Ruling could limit options for property owners
A ruling by the Minnesota Supreme Court has pretty much eliminated the ability for cities to grant variances. That means residents who want to deviate from the city's building ordinances will likely be turned down.
"This will limit our ability to be flexible," said city administrator Dwight Johnson of the ruling.
While the June ruling won't affect a large number of Rosemount property owners, it will likely irritate some.
City planner Eric Zweber said the city has considered 20 variance proposals since 2003. It has approved about two-thirds of the requests.
"It's not a big request for us, but it was a tool in the development box," said Zweber.
The issue went before the court after a lawsuit filed by the neighbor of a Minnetonka property owner who had been granted a variance to expand a garage.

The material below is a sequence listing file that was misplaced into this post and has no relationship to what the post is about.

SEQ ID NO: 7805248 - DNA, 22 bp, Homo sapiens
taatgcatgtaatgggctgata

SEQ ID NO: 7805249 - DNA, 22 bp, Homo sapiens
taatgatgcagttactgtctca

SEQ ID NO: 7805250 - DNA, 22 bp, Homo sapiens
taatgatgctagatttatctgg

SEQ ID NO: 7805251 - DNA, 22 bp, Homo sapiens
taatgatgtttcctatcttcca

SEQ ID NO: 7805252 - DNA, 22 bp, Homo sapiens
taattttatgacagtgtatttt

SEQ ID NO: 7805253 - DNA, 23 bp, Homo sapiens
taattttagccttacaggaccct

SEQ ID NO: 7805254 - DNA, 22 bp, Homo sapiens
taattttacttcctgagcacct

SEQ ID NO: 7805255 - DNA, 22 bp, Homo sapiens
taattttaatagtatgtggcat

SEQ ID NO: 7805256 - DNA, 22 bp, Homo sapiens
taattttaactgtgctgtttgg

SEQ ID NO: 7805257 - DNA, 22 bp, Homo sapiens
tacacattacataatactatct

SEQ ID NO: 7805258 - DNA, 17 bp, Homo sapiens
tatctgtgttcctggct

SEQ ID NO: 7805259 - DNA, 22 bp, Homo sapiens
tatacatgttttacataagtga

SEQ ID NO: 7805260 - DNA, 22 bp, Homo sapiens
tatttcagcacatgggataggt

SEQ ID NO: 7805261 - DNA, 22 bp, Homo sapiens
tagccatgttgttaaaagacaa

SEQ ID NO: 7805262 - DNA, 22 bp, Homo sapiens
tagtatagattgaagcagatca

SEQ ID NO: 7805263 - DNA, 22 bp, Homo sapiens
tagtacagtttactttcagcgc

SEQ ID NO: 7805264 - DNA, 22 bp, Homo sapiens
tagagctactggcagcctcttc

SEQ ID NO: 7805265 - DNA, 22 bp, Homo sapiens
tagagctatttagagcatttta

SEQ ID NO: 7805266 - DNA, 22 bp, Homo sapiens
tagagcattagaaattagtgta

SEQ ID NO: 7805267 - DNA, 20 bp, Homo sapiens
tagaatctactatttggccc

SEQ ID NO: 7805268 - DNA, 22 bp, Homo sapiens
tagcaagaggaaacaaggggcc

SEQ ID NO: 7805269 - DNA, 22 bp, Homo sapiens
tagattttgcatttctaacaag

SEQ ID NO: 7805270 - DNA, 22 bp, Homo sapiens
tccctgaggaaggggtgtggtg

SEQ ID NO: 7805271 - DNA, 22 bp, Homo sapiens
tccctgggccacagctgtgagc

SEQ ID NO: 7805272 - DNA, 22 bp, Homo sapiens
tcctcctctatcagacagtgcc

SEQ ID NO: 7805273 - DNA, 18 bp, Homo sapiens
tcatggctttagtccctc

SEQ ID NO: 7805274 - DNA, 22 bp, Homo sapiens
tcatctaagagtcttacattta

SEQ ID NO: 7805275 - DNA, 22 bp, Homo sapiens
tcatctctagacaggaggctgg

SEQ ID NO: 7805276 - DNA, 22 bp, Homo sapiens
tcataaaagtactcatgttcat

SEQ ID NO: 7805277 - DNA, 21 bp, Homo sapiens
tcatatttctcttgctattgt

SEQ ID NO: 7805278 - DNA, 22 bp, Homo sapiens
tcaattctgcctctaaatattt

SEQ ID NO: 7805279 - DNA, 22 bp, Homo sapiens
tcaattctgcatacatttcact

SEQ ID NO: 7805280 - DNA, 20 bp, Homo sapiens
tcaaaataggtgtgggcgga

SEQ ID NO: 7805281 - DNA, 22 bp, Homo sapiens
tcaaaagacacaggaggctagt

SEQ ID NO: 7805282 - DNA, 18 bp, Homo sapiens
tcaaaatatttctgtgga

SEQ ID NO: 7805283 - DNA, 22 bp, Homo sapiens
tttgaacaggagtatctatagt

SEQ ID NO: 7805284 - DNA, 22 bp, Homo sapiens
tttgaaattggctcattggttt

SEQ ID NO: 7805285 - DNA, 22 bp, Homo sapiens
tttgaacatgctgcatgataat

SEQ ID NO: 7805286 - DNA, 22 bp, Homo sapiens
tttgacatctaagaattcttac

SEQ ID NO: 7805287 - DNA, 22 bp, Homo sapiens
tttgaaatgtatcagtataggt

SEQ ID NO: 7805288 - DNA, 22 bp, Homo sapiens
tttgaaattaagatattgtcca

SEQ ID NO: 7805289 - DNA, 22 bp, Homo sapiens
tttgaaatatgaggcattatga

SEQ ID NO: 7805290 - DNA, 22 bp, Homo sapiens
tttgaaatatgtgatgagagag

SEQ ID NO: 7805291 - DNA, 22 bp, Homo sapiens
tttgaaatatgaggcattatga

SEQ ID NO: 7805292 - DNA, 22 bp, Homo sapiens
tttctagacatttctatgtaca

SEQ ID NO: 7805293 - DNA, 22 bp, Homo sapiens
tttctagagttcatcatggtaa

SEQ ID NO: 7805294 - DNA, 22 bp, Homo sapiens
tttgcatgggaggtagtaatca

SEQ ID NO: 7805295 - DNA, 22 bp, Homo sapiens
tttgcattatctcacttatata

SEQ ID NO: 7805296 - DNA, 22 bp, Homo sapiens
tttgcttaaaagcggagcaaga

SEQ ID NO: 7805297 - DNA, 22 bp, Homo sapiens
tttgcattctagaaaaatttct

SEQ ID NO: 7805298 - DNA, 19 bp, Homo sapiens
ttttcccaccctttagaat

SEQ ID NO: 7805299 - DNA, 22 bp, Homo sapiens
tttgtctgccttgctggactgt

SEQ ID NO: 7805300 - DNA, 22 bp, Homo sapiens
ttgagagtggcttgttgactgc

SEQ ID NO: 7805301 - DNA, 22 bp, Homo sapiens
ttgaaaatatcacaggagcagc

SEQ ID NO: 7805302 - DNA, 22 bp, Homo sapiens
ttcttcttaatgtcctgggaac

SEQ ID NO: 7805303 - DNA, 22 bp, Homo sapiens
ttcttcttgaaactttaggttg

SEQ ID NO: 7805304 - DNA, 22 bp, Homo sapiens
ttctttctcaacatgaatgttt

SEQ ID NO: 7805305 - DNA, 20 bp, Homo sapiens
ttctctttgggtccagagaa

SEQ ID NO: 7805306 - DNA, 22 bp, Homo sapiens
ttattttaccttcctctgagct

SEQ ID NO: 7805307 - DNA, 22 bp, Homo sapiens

The Minnesota Supreme Court ruled that variances are not permissible based on the interpretation of a state statute. The Supreme Court reversed the decision of two lower courts.
Before the ruling, Rosemount officials interpreted the statute to mean that as long as owners could prove an "undue hardship" a land use variance was permissible. Zweber said the interpretation of the Supreme Court does not agree with that.
While the ruling limits what the city can approve, Zweber said city staff will work with residents to make sure they can do as much as possible with their property.
"People doing expansions will have to be more conscious but we will work with them," said Zweber.
The state legislature could step in and reword the text of the statute to make it less strict for cities. Johnson said they hope the state legislature will address the issue during the next session.